Twice before, I’ve taken on the challenge of completing a back to back half marathon race weekend. My first go at this was in October 2015 when I completed the Hartford Half Marathon in CT and then the Narraganset Rhode Race in RI. I remember being so nervous as I headed to CT for the first race as I had no idea if I could actually pull the double off. I really had now idea what to expect in terms of how I would do and how my body would react.
So why would I even do a back to back weekend? That’s pretty easy. I’m crazy? In all honestly though, the answer is actually quite simple. Doing a back to back half marathon weekend helps check off close states a lot faster as well as increase your half count a lot faster. I actually enjoyed it so much, that I completed my second double weekend in ME and VT in July 2016. By completing a double weekend you can save a lot on things like air fare and your time. Why pay for two flights to the Northeast if I can pay for one and bang out 2 different states? Over these 2 weekends alone, I was able to cross off 4 new states. Already this month, I tackled 2 more back to back weekends to cross off Wisconsin, Iowa, Minnesota and Nebraska.
One of the biggest tools that I use when picking races is the Running in the USA Double Stater Tool. If you have a state in mind and a month, you can plug that in and pick how far you’d be willing to drive. I personally think the distance between Hartford and Narraganset was perfect. It was maybe an hours drive. The distance between Portland and Waitsfield though was much longer and not as ideal. Four hours in the car between races is just a bit too long for me. I was nervous for my MN/NE double as there is 5 hours between then and I did all of the travel by myself. That was certainly further than I wanted to do for a double, but the opportunity came up, so I had to take advantage of it and some pretty cheap flights.
When you decide which races to do, it’s time to hit the logistics. If your races are close enough, I would suggest finding one airport to fly in/out of. This reduces potential cost for a one way car rental and the stress of figuring out which airports are best. I would also suggest trying to find an airport closer to the second race as you’ll be tired and just want to get to the airport.
The CT/RI was easy for that. We flew in/out of Providence. Due to the crazy cost of the flights for the ME/VT double, this was not as easy to decide. Originally the plan was to fly in/out of Boston. However, flights were over $500-600 and being cheap, I wasn’t having any of this. Pretty last minute, it was decided to fly directly into Portland, ME and then actually fly home out of Albany, NY. I have not idea how I even figured out Albany, but it somehow worked. Either way, to Boston and to Albany, it was going to be a 3 hour drive after Sunday’s race. Again, not ideal, but we do what we need to do and while it sounds like it could be more costly, it actually wasn’t as I was able to use some points. For my upcoming doubles, I did all one way flights as I am going in and out of 4 different airports for those race weekends.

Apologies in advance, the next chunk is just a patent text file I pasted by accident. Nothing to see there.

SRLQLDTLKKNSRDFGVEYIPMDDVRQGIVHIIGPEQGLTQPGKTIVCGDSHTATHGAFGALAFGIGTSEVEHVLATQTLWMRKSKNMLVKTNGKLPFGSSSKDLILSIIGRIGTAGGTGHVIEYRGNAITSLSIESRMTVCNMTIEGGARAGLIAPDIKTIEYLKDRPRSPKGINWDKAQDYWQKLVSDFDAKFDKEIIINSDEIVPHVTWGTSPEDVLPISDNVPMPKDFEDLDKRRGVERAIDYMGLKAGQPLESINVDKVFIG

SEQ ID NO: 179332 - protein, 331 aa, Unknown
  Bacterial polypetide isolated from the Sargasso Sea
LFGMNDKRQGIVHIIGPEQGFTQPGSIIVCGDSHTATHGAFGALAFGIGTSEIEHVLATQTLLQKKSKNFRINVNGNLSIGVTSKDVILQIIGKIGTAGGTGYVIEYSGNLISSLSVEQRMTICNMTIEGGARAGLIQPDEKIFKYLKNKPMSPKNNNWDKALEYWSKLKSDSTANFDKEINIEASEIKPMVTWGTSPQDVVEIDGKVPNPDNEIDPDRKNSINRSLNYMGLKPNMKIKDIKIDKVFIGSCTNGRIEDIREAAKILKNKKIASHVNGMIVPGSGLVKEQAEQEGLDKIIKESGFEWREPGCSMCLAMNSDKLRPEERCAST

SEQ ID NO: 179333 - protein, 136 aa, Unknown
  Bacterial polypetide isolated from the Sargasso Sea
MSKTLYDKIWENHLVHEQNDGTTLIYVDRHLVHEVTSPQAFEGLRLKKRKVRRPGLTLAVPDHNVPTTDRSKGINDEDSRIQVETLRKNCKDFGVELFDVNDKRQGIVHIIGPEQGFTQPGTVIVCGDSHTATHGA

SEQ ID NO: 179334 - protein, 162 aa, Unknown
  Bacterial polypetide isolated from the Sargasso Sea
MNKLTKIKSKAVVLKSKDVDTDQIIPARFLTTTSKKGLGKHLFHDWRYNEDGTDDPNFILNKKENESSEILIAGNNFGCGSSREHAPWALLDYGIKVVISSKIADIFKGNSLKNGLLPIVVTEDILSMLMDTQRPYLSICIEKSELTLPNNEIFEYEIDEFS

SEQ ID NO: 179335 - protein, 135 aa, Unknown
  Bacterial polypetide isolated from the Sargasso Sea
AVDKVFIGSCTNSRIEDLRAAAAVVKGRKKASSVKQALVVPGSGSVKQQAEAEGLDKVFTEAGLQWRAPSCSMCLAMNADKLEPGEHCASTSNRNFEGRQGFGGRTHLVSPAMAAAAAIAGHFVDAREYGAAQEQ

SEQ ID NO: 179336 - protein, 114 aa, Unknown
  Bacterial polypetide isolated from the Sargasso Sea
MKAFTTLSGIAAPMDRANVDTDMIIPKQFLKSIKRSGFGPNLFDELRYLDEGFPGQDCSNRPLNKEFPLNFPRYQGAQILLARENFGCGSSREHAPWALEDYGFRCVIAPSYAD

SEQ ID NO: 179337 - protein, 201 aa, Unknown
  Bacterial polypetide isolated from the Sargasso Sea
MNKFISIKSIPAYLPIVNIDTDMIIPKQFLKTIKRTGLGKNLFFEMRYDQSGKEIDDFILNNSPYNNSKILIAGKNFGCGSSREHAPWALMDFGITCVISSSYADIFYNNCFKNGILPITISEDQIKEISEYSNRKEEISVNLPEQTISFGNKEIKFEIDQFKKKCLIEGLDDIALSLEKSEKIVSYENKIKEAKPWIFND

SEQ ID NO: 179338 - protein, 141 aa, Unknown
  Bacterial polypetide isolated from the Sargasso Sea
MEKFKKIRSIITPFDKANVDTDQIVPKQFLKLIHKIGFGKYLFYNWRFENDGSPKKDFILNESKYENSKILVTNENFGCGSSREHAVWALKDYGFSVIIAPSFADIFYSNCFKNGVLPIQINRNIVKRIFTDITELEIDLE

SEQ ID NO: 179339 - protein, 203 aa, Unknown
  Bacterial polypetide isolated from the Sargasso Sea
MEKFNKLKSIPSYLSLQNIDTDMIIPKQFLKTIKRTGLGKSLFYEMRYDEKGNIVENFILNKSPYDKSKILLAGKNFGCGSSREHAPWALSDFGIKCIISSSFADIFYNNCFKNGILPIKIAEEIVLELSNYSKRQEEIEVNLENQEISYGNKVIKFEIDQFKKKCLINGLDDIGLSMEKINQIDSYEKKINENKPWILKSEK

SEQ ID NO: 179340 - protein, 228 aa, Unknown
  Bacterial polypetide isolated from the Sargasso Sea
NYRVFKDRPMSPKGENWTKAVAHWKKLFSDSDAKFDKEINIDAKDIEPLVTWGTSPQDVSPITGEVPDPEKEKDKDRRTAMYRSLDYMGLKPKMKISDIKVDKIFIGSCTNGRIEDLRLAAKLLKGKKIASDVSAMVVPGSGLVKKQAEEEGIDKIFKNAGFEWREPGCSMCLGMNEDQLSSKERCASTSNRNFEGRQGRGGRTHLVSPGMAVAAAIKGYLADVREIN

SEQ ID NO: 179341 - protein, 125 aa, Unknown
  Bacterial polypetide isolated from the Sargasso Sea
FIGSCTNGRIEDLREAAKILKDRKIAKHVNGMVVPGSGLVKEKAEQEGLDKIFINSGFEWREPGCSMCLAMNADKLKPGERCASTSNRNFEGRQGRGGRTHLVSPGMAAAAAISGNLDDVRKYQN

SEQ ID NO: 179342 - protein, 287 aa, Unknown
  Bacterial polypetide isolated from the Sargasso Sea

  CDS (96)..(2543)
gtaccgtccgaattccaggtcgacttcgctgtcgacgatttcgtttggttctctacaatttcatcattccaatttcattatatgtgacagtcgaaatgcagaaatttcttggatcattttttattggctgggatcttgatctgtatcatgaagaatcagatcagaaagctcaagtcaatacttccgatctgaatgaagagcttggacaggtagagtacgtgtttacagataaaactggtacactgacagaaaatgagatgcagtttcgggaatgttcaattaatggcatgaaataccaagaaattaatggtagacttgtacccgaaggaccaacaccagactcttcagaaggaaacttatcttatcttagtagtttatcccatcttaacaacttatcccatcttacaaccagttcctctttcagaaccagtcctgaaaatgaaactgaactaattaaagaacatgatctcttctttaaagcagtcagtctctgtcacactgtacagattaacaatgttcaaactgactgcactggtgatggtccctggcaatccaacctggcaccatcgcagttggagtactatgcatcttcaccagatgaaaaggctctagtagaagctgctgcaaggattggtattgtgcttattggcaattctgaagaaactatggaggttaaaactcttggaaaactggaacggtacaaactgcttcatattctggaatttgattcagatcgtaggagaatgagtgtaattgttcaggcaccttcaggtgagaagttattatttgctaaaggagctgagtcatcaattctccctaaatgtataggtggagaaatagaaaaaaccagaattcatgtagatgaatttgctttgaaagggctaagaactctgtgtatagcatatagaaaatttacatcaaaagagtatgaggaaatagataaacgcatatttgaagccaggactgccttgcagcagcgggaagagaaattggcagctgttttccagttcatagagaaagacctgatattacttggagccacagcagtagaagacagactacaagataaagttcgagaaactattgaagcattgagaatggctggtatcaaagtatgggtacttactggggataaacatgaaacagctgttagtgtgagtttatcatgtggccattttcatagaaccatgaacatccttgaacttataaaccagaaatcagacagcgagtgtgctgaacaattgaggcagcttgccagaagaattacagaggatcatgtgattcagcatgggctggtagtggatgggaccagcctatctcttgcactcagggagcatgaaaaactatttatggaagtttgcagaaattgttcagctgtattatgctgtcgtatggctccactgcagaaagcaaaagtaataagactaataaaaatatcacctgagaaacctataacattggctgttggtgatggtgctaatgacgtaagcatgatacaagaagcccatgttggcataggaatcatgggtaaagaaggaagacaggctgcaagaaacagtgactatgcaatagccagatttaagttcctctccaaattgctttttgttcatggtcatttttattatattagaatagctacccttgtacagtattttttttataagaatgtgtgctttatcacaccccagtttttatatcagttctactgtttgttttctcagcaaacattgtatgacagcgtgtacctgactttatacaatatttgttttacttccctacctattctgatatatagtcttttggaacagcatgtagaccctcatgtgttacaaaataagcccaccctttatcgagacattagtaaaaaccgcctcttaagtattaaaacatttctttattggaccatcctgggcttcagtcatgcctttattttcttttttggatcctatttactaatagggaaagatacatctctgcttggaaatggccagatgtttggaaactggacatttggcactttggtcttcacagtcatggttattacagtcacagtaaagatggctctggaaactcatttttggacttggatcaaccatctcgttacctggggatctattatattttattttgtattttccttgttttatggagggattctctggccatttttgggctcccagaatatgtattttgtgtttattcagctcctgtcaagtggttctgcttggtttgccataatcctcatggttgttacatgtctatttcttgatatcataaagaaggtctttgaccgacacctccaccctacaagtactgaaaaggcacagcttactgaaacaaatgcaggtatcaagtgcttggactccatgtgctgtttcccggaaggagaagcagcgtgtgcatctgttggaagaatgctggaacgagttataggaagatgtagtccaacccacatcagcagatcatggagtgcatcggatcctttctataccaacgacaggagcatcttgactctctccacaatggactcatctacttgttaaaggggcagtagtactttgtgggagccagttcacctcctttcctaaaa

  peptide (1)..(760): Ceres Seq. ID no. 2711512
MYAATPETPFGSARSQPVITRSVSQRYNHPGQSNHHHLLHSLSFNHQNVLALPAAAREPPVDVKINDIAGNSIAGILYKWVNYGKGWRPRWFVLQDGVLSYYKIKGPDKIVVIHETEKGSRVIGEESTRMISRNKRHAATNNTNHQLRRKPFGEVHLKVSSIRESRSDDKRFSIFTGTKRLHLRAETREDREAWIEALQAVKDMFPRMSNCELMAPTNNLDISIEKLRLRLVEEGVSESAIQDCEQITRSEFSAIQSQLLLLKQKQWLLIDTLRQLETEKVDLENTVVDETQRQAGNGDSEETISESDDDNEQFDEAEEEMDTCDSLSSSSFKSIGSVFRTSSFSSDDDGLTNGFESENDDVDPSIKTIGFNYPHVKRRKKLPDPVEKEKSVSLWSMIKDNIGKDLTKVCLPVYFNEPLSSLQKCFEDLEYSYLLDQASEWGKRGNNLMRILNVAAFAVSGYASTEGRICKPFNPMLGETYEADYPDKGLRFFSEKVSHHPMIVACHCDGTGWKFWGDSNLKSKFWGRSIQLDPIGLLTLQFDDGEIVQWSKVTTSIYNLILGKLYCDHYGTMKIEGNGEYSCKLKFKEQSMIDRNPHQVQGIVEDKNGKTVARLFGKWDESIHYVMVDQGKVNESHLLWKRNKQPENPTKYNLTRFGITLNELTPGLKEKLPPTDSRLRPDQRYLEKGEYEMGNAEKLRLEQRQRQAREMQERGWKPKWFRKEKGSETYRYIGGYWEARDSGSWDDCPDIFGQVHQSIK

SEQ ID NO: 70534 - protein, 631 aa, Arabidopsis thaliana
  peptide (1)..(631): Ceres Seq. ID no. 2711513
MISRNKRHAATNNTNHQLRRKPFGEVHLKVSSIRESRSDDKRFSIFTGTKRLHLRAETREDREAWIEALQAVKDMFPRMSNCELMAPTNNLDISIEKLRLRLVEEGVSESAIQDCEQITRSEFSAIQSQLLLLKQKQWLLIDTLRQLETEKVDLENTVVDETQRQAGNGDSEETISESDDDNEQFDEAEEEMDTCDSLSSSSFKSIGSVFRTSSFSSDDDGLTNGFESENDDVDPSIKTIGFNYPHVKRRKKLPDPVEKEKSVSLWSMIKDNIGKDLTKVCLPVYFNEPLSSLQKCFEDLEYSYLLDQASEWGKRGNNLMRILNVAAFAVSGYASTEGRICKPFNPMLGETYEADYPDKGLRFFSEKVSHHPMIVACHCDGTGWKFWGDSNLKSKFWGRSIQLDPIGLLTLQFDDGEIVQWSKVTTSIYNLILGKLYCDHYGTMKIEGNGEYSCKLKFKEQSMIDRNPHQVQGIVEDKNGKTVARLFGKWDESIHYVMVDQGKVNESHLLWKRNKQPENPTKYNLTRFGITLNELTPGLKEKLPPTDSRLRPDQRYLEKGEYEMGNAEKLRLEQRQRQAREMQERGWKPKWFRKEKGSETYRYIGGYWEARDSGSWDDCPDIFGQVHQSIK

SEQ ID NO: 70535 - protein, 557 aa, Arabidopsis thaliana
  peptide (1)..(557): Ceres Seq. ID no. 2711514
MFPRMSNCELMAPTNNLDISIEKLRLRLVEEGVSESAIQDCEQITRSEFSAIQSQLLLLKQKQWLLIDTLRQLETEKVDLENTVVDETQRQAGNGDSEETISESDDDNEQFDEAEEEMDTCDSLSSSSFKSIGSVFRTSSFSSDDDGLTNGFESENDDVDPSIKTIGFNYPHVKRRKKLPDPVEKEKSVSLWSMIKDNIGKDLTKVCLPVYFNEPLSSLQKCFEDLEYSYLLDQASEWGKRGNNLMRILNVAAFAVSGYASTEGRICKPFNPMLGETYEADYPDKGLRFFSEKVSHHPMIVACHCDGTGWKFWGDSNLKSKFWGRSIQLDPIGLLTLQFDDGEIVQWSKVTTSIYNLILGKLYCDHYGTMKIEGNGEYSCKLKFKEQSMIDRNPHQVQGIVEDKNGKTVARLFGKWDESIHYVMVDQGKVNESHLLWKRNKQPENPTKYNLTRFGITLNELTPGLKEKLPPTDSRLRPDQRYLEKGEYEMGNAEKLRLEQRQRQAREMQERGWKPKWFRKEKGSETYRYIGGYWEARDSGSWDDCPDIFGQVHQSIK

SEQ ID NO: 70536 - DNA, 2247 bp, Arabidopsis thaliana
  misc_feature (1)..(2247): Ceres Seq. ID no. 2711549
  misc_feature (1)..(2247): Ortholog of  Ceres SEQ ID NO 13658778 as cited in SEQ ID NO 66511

Once you confirm the races, I always suggest trying to find some running buddies to tag along. The 50 States Clubs, Half Fanatics and Marathon Maniacs are great places to find travel buddies. There is also now a Running Traveling Buddies Facebook Group. I found a hotel mate for my NE to help share the cost and many other running friends have found some great people to help share the cost with for their races. I actually did the RI/CT double with some 50 State ladies I had never met and they were wonderful! This ME/VT double was done with my friend Kathleen. We did try and find a few others to split car/hotels with to bring the cost down, but there were no takers. Sometimes traveling with a group isn’t great, but if you can do it, do it. Bringing the cost down on car rentals and hotels only means that there is more money leftover for other races!
Once you sign up for both races, training should start. If you have a great base, you honestly should not have an issue completing a back to back weekend. When I went in for my first one, I was training for my second marathon and certainly had the miles on my legs. However, if you’re concerned about training, the best advice I can give is get out there on the weekends and do back to back long runs. It doesn’t have to be every weekend, but the more you run on tired legs, the better you might feel come race weekend.
For me, I tried to do at least every other weekend. I didn’t even necessarily try and mimic the same mileage. If I had run 8 miles on Saturday, maybe I only did 3-5 on Sunday. For me, it was more about getting out there to feel those tired legs and being able to mentally be able to finish any mileage I set out for on those tired legs.
To complete a back to back weekend, a lot of the struggle is mental. You might not want to wake up again at 5:30am and pull yourself out of bed to get to another start line. I am sure there are training plans out there for this type of challenge, but I did not follow anything specifically for a back to back distance race. The normal wall might certainly come a lot faster during a challenge like this though. I’ve learned that come the second race at mile 8, it’s adrenaline and pride that push you through to the finish line. Enjoy the miles and the challenge. At the end of the day, no matter how hard a back to back challenge is, just remember to have fun!